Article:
FOREIGN CURRENCY EXPOSURE AND HEDGING
In recent years, Ryanair’s revenues have been denominated primarily in two currencies, the euro and the U.K.
pound sterling. The euro and the U.K. pound sterling accounted for approximately 63% and 28%, respectively, of Ryanair’s total revenues in the 2016 fiscal year (2015: 63% and 27% respectively). As Ryanair reports its results in euro, the Company is not exposed to any material currency risk as a result of its euro-denominated activities. Ryanair’s operating expenses are primarily euro, U.K. pounds sterling and U.S. dollars. Ryanair’s operations can be subject to significant direct exchange rate risks between the euro and the U.S. dollar because a significant portion of its operating costs (particularly those related to fuel purchases) is incurred in U.S. dollars, while practically none of its revenues are denominated in U.S. dollars. Appreciation of the euro against the U.S. dollar positively impacts Ryanair’s operating income because the euro equivalent of its U.S. dollar operating costs decreases, while depreciation of the euro against the U.S. dollar negatively impacts operating income. It is Ryanair’s policy to hedge a significant portion of its exposure to fluctuations in the exchange rate between the U.S. dollar and the euro. From time to time, Ryanair hedges its operating surpluses and shortfalls in U.K. pound sterling. Ryanair matches certain U.K. pound sterling costs with U.K.
pound sterling revenues and may choose to sell any surplus U.K. pound sterling cash flows for euro.
Hedging associated with the income statement. In the 2016 and 2015 fiscal years, the Company entered into a series of forward contracts, principally euro/U.S. dollar forward contracts to hedge against variability in cash flows arising from market fluctuations in foreign exchange rates associated with its forecast fuel, maintenance and insurance costs. At March 31, 2016, the total unrealized gain relating to these contracts amounted to €44.9 million, compared to a €623.1 million unrealized gain at March 31, 2015.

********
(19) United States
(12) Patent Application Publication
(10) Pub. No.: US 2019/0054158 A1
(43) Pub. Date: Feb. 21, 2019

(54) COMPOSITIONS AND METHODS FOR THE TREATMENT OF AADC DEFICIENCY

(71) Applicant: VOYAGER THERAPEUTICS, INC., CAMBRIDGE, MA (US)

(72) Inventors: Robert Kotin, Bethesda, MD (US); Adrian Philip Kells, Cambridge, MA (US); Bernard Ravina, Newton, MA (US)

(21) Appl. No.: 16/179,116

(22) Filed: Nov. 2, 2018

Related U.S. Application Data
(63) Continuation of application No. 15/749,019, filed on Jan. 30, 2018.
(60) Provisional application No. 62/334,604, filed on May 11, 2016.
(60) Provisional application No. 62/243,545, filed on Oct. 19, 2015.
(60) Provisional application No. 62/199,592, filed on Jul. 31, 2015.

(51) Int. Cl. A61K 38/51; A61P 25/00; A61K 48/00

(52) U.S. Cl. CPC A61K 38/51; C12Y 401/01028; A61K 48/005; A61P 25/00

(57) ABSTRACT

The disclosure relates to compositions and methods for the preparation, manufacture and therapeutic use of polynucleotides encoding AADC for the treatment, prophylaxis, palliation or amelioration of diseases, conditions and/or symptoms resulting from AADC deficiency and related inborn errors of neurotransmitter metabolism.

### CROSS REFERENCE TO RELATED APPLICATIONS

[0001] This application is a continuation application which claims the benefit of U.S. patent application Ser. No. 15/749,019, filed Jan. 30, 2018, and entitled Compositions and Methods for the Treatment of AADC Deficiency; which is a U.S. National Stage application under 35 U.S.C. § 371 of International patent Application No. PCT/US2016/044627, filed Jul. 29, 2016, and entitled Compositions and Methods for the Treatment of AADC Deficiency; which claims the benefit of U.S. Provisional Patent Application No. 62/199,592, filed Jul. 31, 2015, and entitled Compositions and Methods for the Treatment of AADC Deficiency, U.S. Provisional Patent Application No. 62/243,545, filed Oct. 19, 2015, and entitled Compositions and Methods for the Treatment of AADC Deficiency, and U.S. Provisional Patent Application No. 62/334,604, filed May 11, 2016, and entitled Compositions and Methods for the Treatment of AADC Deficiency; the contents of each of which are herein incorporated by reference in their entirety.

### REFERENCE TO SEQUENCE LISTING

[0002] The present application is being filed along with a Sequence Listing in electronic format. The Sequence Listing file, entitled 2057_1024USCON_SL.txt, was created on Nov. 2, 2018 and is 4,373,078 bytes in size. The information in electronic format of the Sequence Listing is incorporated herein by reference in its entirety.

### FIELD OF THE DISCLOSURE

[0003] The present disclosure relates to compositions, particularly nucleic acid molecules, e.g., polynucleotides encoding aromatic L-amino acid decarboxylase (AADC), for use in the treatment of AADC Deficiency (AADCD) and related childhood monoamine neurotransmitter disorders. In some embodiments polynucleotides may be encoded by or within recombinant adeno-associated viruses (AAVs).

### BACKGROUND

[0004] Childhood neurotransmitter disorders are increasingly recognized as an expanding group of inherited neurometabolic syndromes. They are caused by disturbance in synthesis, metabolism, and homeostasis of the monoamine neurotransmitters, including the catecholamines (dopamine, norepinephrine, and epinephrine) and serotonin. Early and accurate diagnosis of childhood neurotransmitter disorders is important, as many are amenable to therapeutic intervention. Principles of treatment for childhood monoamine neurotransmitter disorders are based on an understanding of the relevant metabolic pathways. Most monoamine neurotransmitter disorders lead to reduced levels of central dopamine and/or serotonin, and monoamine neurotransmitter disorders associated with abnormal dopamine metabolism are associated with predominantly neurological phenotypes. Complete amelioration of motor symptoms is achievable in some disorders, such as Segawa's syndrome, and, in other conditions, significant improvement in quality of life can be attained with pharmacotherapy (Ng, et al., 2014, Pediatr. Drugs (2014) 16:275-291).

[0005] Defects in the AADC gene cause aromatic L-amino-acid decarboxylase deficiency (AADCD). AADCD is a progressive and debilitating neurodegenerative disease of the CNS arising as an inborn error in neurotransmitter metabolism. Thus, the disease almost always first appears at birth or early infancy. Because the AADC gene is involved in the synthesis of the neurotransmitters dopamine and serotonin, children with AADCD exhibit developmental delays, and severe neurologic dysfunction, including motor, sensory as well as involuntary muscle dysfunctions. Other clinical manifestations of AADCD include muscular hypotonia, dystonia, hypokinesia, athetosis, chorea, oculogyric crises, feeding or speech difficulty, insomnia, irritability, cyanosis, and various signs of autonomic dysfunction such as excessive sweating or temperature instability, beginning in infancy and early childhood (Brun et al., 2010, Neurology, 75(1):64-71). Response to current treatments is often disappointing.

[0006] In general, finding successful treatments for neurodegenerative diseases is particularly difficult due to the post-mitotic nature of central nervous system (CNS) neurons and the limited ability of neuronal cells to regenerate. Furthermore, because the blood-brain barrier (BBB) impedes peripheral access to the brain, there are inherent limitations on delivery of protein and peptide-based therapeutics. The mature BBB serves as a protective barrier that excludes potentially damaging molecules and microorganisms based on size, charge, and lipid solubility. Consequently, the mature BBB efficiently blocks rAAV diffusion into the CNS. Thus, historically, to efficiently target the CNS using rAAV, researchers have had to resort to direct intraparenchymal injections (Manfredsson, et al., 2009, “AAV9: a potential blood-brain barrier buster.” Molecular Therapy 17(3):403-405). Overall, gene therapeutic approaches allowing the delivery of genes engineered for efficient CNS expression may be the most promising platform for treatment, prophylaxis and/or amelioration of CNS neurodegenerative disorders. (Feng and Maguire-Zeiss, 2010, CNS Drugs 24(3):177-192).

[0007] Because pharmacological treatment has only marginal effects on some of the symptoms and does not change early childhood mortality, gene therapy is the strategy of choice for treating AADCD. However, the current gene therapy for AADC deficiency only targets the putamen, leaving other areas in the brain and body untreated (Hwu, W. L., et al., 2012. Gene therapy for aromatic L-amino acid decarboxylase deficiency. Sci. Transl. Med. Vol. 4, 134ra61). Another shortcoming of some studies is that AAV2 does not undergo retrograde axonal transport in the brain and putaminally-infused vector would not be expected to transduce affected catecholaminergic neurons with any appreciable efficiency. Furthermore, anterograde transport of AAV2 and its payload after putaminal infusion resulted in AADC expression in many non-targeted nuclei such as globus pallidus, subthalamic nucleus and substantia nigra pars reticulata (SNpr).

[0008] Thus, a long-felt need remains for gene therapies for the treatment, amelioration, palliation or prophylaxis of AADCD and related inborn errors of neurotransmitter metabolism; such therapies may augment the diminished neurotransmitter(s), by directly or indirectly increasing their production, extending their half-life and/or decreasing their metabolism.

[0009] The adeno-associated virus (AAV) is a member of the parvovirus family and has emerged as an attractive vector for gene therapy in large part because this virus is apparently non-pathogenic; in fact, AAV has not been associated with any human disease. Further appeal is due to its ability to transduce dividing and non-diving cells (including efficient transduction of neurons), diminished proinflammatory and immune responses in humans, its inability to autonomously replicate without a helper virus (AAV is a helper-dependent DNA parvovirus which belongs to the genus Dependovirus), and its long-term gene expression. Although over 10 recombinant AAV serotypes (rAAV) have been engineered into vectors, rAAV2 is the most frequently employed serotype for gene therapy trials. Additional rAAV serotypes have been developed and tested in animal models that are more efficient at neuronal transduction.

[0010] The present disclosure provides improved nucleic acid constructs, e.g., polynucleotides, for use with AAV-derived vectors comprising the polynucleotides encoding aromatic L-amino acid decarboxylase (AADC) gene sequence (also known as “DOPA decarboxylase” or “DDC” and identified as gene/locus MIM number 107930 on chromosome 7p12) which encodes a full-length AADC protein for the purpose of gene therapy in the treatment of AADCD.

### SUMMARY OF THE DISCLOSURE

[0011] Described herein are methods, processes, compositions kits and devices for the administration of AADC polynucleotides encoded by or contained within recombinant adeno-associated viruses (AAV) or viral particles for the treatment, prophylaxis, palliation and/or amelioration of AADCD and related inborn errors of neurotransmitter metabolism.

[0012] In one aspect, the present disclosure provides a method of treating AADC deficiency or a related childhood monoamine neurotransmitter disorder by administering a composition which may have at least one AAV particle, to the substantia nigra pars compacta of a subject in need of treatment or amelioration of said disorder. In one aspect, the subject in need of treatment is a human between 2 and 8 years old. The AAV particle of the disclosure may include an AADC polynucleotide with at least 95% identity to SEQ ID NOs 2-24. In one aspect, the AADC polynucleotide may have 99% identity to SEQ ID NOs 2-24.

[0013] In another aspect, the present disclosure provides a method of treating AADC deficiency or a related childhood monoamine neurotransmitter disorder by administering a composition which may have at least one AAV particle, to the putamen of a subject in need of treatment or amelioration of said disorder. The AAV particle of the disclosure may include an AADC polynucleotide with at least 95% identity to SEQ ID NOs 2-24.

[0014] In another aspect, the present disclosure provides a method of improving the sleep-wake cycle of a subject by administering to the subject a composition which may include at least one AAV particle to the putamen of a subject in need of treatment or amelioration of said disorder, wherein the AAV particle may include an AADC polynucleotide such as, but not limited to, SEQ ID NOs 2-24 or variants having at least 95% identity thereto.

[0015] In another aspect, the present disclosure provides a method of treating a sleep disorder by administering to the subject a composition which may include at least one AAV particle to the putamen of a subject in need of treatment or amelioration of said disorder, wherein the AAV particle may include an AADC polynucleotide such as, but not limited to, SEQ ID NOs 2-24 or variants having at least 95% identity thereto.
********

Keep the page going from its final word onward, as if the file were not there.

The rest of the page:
Under IFRS, these foreign currency forward contracts are treated as cash-flow hedges of forecast U.S. dollar and U.K. pound sterling purchases to address the risks arising from U.S. dollar and U.K. pound sterling exchange rates. The derivatives are recorded at fair value in the balance sheet and are re-measured to fair value at the end of each reporting period through equity to the extent effective, with ineffectiveness recorded through the income statement. Ryanair considers these hedges to be highly effective in offsetting variability in future cash flows arising from fluctuations in exchange rates, because the forward contracts are timed so as to match exactly the amount, currency and maturity date of the forecast foreign currency-denominated expense being hedged. In the 2016 fiscal year, the Company recorded a negative fair-value adjustment of €505.9 million (net of tax) within accumulated other comprehensive income in respect of these contracts, as compared to a positive fair-value adjustment of €589.9 million in the 2015 fiscal year.